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BEAR: Revolutionizing Knee Surgeries

  • 4/2/2017 7:46:00 PM
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BEAR: Revolutionizing Knee Surgeries

Alexis Appelquist, Huffines Producer

One moment you’re sprinting down the basketball court. You stop sharply, left leg planted, and spin around, ready to be on the defense. Before you even know what has happened, you’re on the ground, clutching your knee in shock, unable to describe the sensation but acutely aware of the sinking feeling that something is wrong. Maybe you collided with an opponent, maybe you heard a loud pop, maybe your entire professional career is on the line or maybe your eleven-year-old son and his YMCA team are standing by. Whatever the mechanism or circumstance, eventually the conclusion is reached that you have a torn ACL.

The anterior cruciate ligament is one of the main stabilizing ligaments of the knee joint. Sustaining an injury nearly always results in a complete tear, requiring reconstructive surgery if the reacquisition of full use is desired. Recently, a new method of reconstructive surgery has been introduced, known as Bridge Enhanced ACL Repair, or BEAR, which involves suturing together the frayed ends of the torn ligament.

Outcomes from trial procedures conducted at Boston Children’s Hospital have thus far yielded positive results. Of the ten patients receiving the new procedure, all ten had regrown healthy and stable ACL’s where the once torn structure previously existed. The procedure has also been studied using pig knees, wherein the subjects treated with BEAR demonstrated a lower incidence of arthritis. Practitioners hope that this new approach will reduce recovery time from the normally expected six to nine months postoperative. Traditional reconstructive methods require the use of a graft, normally taken from elsewhere in the patient’s body, with common sites being the hamstring or patellar tendon. Holes are drilled in the bones on either side of the knee joint and the graft is inserted then secured with screws. By eliminating the need for a graft, recovery for a second body location is also eliminated.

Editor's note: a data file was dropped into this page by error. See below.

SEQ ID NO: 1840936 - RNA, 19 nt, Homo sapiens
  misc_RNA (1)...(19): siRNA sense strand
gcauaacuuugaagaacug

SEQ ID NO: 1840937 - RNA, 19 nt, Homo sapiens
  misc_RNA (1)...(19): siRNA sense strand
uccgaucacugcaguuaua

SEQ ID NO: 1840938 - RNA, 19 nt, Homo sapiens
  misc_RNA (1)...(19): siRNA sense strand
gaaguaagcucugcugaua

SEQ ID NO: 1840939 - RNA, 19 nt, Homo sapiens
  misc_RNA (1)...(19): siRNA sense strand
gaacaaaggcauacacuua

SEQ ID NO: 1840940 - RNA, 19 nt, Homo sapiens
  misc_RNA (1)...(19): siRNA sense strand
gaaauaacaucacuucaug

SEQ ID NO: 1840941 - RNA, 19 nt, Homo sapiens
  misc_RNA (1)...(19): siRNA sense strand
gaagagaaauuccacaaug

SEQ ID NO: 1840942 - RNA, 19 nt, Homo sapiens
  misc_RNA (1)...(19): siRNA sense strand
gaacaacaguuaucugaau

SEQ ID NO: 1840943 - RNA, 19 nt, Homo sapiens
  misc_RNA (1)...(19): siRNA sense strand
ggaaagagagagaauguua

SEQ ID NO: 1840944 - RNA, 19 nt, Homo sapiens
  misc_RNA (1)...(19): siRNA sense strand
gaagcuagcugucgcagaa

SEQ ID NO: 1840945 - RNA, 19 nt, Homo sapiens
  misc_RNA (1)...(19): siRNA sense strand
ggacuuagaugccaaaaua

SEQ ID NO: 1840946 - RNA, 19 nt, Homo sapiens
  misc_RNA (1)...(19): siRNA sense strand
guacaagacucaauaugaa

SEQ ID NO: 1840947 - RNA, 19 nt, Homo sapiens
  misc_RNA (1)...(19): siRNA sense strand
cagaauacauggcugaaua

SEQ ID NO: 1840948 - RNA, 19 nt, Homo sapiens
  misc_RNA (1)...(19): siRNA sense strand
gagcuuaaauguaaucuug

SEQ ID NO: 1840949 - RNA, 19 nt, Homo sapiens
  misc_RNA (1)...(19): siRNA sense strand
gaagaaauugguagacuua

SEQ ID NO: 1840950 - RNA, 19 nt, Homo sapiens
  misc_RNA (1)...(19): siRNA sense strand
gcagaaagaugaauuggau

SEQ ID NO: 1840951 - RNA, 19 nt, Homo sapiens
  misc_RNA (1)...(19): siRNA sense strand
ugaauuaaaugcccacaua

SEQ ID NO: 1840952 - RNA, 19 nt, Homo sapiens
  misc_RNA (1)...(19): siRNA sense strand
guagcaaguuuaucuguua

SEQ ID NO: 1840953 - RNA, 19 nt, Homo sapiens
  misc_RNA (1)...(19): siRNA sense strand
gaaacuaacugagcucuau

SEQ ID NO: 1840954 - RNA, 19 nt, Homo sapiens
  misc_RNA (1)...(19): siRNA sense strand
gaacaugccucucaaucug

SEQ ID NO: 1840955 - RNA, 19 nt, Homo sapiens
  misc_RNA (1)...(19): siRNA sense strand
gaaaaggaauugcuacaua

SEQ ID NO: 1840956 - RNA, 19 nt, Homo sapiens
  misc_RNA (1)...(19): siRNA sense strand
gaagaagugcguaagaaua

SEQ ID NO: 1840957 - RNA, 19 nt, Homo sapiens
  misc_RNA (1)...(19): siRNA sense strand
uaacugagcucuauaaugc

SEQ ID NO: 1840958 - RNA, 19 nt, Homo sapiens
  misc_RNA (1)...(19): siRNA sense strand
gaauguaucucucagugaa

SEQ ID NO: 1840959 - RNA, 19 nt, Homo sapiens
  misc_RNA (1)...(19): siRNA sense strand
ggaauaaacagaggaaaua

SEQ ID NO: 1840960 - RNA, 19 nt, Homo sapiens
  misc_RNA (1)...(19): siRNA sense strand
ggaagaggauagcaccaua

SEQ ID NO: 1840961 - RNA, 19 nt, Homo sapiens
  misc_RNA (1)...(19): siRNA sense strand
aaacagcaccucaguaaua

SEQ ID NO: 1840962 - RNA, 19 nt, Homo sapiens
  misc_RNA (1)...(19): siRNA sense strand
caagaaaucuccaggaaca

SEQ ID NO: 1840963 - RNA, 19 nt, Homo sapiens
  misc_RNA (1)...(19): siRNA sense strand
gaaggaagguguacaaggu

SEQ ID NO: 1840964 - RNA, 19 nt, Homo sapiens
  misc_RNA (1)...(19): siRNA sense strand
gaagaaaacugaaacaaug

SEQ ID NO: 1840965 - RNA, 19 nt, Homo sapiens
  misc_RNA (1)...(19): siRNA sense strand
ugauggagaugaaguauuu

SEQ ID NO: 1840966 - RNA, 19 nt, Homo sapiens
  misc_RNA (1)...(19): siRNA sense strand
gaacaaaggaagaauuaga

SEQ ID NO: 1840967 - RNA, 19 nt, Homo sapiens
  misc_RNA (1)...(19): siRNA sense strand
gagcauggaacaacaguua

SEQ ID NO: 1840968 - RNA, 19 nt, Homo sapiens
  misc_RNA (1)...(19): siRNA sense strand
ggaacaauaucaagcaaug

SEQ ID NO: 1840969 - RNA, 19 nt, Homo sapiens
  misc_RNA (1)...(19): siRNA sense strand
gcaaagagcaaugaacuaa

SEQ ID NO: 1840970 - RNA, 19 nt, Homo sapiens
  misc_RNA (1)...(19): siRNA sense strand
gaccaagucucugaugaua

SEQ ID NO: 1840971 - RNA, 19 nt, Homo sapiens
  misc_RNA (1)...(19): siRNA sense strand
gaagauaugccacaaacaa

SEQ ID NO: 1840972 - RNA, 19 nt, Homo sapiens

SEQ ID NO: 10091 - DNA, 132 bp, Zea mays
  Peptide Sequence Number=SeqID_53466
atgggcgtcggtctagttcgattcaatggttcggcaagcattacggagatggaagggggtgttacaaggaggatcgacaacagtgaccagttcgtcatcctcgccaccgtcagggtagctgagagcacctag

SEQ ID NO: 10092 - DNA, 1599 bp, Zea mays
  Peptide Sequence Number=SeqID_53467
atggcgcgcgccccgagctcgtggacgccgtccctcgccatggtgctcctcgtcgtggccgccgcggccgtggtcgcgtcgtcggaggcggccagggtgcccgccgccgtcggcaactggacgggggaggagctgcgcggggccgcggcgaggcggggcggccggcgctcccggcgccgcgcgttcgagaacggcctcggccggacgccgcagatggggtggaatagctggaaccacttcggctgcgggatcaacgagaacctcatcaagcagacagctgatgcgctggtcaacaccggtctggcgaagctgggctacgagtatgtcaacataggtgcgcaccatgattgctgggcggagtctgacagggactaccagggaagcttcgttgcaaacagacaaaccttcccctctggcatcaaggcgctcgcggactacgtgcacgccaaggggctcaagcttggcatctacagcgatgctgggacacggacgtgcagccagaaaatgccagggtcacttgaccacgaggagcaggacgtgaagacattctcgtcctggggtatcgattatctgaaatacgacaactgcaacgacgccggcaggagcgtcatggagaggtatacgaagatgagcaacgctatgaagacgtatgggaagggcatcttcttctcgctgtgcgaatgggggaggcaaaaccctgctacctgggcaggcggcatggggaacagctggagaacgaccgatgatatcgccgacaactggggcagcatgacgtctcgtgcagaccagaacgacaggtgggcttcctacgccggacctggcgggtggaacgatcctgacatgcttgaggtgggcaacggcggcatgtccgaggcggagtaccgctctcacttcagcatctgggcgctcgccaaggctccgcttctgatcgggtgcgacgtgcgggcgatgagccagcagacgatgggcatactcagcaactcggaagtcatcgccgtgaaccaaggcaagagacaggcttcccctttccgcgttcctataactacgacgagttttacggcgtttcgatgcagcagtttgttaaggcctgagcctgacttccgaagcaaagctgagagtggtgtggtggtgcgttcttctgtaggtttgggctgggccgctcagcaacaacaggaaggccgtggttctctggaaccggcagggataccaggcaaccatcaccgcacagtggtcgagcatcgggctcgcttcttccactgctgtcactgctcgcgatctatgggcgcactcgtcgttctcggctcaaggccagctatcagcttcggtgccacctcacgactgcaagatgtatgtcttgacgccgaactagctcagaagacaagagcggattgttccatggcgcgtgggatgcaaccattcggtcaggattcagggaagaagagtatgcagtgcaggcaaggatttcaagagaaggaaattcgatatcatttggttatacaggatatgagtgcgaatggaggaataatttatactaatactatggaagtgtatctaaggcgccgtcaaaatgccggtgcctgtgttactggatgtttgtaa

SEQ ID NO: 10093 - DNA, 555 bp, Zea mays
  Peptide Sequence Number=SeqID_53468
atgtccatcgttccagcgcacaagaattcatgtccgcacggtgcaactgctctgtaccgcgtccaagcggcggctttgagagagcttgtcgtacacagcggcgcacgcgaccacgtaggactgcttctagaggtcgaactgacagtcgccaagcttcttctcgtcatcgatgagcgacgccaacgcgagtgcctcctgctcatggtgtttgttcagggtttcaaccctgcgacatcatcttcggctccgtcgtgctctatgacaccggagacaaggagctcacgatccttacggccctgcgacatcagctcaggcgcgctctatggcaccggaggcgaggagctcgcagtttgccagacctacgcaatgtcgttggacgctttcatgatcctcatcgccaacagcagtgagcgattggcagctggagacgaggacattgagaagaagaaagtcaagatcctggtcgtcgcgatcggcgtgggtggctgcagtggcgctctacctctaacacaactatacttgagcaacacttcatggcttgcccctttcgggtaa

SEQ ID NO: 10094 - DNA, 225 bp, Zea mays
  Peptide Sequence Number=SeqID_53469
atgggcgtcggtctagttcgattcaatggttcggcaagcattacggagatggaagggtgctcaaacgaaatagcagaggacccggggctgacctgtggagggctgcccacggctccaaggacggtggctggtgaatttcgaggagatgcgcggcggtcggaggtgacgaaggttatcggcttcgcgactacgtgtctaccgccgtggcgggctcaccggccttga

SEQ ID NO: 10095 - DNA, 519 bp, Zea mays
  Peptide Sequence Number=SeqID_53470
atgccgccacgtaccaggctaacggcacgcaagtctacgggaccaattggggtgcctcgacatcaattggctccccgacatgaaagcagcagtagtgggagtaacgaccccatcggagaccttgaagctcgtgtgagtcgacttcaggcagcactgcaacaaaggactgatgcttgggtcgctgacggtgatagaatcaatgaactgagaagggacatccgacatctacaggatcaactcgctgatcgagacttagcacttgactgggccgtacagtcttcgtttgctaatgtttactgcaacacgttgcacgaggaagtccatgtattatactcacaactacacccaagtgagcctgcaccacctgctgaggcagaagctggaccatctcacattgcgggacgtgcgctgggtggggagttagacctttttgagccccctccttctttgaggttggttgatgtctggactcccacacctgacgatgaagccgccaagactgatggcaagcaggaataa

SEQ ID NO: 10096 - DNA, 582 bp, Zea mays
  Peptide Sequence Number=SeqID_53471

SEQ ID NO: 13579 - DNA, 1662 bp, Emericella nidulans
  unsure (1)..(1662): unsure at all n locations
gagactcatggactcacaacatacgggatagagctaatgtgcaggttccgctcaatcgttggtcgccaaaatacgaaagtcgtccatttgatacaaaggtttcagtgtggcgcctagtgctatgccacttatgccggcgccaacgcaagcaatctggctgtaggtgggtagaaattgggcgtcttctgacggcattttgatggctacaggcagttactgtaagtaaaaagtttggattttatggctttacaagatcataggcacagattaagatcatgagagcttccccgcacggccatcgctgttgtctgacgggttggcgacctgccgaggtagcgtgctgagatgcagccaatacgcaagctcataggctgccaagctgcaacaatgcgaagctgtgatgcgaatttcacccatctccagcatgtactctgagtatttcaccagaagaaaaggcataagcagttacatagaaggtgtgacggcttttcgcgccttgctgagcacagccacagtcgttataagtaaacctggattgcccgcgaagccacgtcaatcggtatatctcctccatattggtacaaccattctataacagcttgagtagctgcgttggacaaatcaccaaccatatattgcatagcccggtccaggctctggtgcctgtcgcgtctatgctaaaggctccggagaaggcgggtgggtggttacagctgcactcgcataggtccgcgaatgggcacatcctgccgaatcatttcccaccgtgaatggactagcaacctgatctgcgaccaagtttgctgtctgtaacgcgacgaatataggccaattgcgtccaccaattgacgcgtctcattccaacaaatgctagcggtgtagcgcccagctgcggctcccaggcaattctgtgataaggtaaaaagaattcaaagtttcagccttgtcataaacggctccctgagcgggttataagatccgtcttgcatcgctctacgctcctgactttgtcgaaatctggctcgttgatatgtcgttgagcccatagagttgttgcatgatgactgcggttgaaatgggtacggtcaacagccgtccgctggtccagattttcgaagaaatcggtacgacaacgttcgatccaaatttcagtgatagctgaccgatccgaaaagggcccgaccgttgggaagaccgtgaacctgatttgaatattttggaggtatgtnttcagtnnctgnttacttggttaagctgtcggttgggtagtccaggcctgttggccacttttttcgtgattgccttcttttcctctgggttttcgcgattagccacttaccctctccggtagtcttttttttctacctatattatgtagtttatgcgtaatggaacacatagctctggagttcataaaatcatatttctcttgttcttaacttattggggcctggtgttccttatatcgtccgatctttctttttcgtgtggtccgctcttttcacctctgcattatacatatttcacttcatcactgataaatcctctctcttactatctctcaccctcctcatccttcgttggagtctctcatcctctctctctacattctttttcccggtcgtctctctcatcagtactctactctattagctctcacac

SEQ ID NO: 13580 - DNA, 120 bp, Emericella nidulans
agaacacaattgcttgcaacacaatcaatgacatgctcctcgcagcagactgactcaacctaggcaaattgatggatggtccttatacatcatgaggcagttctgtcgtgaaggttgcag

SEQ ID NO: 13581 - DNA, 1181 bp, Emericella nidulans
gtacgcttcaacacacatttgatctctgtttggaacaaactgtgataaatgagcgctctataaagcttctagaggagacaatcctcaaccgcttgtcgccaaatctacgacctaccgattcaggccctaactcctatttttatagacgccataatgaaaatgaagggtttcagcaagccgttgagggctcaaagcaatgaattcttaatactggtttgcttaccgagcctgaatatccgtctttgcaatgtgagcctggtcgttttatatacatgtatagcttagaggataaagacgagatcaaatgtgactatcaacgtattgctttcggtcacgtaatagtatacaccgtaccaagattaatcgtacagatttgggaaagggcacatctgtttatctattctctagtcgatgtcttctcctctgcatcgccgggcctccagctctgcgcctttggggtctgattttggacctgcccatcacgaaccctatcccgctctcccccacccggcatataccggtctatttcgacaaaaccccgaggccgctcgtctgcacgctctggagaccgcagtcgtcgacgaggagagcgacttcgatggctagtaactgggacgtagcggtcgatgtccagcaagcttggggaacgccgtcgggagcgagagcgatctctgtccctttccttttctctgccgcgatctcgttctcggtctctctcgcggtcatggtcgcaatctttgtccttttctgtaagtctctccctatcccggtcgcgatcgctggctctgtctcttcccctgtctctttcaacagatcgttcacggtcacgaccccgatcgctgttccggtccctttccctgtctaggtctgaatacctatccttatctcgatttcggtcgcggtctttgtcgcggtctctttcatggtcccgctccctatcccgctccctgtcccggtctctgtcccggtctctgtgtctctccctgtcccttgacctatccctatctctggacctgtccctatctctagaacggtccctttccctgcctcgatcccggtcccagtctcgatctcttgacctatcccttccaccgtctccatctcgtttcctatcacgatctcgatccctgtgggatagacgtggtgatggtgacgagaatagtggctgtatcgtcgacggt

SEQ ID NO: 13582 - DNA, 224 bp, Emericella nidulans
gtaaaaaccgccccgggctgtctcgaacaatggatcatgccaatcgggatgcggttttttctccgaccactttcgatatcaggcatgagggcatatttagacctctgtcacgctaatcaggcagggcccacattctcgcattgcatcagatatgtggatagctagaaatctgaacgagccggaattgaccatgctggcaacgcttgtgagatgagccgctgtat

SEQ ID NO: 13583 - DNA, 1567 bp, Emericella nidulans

The new procedure works through the use of stitches and a sponge infused with the patient’s own blood. Once situated between the frayed ends of the torn ACL, proteins in the sponge promote the healing process, and the ACL grows together, reconnecting. Just as with traditional ACL repairs, therapy is needed to return to full range of motion and strengthen the surrounding muscles.

Sustaining a tear of the anterior cruciate ligament results in a painful and lengthy recovery process. This injury is extremely common, with nearly 400,000 cases reported yearly. From recreational to high school to college or professional, ACL tears can affect all levels of play. Though it is still in it’s early phases of testing, Bridge Enhanced Anterior Cruciate Ligament Repair surgery has the potential to return all athletes to play quicker and stronger than ever before.




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